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Developing new genotypes of plants is one of the key options for adaptation of agriculture to climate change. Plants may be required to provide resilience in changed climates or support
North America’s agricultural and natural landscapes are vital to feeding humanity—they are home to many populations of important food plants and their wild relatives.
Agriculture is comprised of managed ecosystems, which can include forests, rangelands
and crops; these managed ecosystems are vital resources, providing a host
Biodiversity in and across food and agriculture systems provides tremendous value to present and future generations. However, across the world we are losing genes, species, and ecosystems faster than we can account for them.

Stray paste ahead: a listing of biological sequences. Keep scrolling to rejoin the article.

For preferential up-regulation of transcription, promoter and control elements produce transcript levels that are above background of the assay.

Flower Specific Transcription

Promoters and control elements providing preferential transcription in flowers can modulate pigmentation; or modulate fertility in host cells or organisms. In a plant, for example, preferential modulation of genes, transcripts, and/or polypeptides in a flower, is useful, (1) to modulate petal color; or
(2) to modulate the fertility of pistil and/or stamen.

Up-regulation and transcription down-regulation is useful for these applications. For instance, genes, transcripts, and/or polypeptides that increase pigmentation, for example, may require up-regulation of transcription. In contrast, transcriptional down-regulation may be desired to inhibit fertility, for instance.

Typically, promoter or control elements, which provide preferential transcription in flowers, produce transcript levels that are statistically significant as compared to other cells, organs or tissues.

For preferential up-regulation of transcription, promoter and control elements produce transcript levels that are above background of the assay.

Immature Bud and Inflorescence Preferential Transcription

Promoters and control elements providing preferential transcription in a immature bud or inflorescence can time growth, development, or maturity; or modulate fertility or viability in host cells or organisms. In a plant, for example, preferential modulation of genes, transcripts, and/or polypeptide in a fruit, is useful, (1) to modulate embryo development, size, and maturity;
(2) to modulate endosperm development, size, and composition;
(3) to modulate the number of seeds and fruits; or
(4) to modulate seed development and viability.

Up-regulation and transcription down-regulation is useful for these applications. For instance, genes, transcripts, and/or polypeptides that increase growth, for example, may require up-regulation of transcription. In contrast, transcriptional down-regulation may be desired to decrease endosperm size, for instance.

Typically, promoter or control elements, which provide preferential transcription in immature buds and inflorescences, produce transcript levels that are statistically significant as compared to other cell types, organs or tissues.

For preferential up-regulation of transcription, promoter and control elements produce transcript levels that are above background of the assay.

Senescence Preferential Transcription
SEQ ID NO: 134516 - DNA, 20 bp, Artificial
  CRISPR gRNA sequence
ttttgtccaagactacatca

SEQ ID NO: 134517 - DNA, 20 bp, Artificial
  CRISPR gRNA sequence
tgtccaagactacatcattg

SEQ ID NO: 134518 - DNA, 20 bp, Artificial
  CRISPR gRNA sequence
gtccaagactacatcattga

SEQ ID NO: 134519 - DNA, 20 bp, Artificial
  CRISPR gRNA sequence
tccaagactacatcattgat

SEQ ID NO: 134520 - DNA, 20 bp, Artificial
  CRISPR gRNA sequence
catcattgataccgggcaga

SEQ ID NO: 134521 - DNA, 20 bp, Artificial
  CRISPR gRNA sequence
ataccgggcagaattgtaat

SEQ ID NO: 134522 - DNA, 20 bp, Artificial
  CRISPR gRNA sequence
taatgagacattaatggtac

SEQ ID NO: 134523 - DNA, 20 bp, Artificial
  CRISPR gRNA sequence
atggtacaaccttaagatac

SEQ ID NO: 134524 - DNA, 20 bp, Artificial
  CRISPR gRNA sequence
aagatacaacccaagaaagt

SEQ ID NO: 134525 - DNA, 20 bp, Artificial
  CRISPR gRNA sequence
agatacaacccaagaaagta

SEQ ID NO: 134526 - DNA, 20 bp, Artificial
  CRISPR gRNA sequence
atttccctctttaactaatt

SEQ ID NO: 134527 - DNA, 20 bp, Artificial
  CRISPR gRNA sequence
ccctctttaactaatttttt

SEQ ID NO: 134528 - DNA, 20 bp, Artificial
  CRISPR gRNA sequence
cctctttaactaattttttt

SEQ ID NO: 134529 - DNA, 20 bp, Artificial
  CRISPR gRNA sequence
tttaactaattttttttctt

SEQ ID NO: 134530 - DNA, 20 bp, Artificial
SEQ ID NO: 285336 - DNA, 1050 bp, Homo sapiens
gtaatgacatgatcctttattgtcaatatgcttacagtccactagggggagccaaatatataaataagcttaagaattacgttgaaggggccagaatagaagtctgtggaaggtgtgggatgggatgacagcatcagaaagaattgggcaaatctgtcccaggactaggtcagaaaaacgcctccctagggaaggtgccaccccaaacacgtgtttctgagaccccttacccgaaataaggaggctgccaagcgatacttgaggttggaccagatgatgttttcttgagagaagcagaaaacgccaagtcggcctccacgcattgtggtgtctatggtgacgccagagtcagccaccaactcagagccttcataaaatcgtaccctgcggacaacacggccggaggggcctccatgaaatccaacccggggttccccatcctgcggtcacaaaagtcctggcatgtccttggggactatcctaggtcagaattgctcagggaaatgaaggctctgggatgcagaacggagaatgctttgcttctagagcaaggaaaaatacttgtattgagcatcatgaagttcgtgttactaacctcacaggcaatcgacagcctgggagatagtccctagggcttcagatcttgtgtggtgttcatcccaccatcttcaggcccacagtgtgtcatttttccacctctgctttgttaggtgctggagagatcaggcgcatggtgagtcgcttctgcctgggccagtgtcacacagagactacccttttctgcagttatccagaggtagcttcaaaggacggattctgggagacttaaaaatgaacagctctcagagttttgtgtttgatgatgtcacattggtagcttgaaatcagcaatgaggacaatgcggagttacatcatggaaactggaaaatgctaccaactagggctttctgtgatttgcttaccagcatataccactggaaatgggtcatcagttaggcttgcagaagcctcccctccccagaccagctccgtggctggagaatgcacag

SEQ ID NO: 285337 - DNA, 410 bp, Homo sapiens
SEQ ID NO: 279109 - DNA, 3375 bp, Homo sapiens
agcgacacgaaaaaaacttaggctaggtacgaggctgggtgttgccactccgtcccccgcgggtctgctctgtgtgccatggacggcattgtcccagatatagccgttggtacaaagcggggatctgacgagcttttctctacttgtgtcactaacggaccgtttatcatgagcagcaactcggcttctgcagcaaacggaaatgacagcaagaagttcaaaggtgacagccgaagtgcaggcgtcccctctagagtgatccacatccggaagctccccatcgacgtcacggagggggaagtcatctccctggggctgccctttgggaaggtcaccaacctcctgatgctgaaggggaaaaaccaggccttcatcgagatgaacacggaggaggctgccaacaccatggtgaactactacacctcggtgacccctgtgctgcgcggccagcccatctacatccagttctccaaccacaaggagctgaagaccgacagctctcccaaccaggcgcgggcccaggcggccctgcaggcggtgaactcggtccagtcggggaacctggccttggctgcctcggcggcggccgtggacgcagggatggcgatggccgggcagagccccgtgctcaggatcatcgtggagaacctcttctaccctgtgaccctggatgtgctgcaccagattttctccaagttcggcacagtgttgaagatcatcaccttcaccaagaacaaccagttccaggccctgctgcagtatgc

Crop wild relatives, the wild progenitors and closely related cousins of cultivated plant
species, are sources of valuable genetic resources for crop improvement. Persisting gaps
The Pennsylvania Horticultural Society created a vegetable farm in the heart of Center City, Philadelphia. Visitors engaged with local experts in an exchange of knowledge about growing food and the impacts of community gardens.
Food is personal and because of this, conversations around food and agriculture can be emotionally charged and even divisive. How can public gardens address polarizing subjects in food systems while doing these conversations justice?
Of the myriad gifts plants provide to humanity, food is among the most visible, as everyone needs to eat, every single day.
Care farming is the therapeutic use of farming practices to provide health, social
or educational care services for a range of groups of vulnerable people. This includes
Learn about how many grape species there are in and who is breeding new grapes along with other important information related to grape breeding and the current challenges involved!